The Great Cat Massacre
|Original title||The Great Cat Massacre and Other Episodes in French Cultural History|
|Subject||Early modern France|
|Genre||Histoire des mentalités, Cultural History|
The Great Cat Massacre is the title of a scholarly work on the cultural history of France by American historian Robert Darnton. The book, a series of essays, takes its name from its most famous chapter which describes and interprets an unusual source detailing the murder or "massacre" of cats during the late 1730s by apprentice printers living and working on Rue Saint-Séverin in Paris. Other chapters look at fairy tales, the writing of the Encyclopédie and other aspects of French early modern history.
Darnton, influenced by his colleague, anthropologist Clifford Geertz, aimed to gain greater insight into the period and social groups involved by studying what he perceived to be something which appeared alien to the modern mind – the fact that killing cats might be funny. He has been criticised for this, however, as some people throughout history have doubtless found such cruelty amusing.
The book containing this account, The Great Cat Massacre and Other Episodes in French Cultural History, has become one of Darnton's most popular writings; it has been published in eighteen languages.
Darnton describes how, as the apprentices suffered hard conditions, they came to resent the favours which their masters gave to their cats, and contrived to deal with the nuisance cats by slaughtering them so as to distress their masters. Darnton interprets this as an early form of workers' protest. (As may the wife in the story, who says she believes that "they were threatened by a more serious kind of insubordination" beyond the simple stoppage of work.)
The cats were a favourite of the printer's wife and were fed much better than the apprentices, who were in turn served 'catfood' (rotting meat scraps). Aside from this, they were mistreated, beaten and exposed to cold and horrible weather. One of the apprentices imitated a cat by screaming like one for several nights, making the printer and his wife despair. Finally, the printer ordered the cats rounded up and dispatched. The apprentices did this, rounded up all the cats they could find, beat them half to death and held a 'trial'. They found the cats guilty of witchcraft and sentenced them to death by hanging.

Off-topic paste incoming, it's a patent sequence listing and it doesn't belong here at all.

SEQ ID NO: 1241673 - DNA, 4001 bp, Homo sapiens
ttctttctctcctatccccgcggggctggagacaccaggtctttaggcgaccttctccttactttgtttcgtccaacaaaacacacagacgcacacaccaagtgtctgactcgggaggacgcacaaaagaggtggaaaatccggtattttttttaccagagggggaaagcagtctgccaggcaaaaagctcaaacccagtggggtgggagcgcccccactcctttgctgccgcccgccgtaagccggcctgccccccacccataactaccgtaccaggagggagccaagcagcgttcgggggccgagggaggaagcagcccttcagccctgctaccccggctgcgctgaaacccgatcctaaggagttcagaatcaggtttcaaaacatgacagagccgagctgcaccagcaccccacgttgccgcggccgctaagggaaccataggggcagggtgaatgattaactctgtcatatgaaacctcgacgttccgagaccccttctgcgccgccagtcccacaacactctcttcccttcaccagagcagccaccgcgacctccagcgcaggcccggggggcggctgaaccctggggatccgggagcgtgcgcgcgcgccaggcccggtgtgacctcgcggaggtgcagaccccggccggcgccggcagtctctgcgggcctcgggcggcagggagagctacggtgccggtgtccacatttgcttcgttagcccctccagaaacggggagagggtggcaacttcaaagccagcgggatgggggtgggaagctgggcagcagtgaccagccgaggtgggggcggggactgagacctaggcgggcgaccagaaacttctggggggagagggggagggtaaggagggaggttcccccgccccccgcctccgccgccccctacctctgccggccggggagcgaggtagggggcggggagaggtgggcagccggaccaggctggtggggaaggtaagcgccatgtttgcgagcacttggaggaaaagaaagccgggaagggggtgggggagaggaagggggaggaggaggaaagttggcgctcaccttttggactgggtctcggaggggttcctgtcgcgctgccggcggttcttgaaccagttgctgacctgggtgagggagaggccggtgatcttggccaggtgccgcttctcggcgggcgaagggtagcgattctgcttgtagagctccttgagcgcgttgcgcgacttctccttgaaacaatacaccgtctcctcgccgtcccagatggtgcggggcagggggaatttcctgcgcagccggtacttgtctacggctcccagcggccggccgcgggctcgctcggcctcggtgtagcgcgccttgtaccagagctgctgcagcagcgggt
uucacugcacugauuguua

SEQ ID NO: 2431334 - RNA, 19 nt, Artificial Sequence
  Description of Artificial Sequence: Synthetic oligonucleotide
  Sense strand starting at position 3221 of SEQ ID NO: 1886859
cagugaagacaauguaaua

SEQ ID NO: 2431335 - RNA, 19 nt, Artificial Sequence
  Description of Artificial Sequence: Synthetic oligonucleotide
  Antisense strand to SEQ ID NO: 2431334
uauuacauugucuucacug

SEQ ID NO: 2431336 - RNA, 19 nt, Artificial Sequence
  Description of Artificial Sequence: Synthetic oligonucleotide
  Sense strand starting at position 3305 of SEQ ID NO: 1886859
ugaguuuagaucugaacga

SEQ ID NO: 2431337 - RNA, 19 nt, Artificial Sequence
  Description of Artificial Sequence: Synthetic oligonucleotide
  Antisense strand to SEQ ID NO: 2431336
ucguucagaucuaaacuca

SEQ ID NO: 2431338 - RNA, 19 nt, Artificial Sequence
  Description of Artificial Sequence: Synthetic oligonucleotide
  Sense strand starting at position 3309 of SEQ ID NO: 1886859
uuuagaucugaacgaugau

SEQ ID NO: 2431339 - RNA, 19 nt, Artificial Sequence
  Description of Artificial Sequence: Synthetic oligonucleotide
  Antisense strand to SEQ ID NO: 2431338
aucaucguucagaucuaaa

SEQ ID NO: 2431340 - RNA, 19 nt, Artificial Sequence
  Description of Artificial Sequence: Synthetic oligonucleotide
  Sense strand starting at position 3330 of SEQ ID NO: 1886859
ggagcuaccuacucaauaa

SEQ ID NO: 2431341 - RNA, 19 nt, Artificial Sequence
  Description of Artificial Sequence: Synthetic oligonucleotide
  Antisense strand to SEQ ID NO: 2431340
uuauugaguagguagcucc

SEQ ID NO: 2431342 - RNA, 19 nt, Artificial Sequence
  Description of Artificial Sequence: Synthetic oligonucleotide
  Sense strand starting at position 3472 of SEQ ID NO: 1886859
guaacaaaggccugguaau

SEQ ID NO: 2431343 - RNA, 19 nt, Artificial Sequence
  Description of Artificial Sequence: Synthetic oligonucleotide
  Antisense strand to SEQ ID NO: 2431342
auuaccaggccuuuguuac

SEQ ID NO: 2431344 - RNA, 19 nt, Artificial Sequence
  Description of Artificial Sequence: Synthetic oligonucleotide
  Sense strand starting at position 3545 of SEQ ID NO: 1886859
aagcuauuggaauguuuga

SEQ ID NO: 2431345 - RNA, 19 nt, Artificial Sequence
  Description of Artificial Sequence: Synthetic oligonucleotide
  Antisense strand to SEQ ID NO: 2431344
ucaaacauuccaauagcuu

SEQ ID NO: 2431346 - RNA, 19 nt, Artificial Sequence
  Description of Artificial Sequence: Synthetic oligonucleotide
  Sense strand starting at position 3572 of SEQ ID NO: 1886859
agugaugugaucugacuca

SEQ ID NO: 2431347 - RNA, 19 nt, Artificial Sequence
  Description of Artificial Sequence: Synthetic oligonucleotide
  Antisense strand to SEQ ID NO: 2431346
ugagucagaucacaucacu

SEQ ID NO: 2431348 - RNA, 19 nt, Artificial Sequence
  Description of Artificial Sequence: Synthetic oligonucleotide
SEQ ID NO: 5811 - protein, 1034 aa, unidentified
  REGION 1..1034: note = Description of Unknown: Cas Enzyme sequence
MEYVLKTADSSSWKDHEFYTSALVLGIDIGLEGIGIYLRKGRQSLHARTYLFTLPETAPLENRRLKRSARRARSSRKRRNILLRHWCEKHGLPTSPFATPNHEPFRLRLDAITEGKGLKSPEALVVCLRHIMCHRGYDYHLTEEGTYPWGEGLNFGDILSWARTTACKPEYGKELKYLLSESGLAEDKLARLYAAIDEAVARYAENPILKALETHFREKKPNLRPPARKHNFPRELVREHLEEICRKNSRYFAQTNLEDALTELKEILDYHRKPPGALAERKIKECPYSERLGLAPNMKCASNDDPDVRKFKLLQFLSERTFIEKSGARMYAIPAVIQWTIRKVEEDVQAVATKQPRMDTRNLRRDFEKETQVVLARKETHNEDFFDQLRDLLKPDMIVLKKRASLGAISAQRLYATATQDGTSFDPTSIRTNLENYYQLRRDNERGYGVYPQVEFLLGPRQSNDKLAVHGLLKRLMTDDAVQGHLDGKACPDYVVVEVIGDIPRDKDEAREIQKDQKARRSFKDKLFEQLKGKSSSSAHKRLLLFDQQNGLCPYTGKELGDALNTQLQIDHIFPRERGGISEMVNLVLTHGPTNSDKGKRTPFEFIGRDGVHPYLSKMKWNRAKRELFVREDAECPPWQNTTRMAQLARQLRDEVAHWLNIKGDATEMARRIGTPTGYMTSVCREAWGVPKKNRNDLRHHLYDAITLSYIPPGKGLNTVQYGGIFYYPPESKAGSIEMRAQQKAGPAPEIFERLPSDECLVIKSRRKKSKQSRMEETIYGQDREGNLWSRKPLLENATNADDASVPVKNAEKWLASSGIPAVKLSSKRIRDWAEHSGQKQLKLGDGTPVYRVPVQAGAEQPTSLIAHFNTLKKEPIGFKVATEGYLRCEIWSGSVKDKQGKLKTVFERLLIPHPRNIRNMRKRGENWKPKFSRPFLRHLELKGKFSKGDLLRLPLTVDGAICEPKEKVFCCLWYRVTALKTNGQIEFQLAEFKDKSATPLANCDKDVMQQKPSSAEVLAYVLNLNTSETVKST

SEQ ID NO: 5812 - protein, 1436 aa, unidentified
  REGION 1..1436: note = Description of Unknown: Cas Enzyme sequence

- Faculty, Harvard University Department of History, 2015. Accessed 2015-12-10.
- Robert Darnton (1985). The Great Cat Massacre and Other Episodes in French Cultural History. ISBN 0-394-72927-7.
- Mark Levene, Penny Roberts (1999). The Massacre in History. Berghahn Books. ISBN 1-57181-934-7.
- Robert Darnton (1989). "The Great Cat Massacre and Other Episodes in French Cultural History".
- Mah, Harold (Spring 1991). "Suppressing the Text: The Metaphysics of Ethnographic History in Darnton's Great Cat Massacre". History Workshop. 31: 1–20. JSTOR 4289048. doi:10.1093/hwj/31.1.1.
- Palmer, William (November 1986). "The Great Cat Massacre and Other Episodes in French Cultural History by Robert Darnton". Theory and Society. 15 (6): 918–21. JSTOR 657413.
- Stewart, Philip (Winter 1985–1986). "The Great Cat Massacre and Other Episodes in French Cultural History. by Robert Darnton". Eighteenth-Century Studies. 19 (2): 260–264. JSTOR 2738646.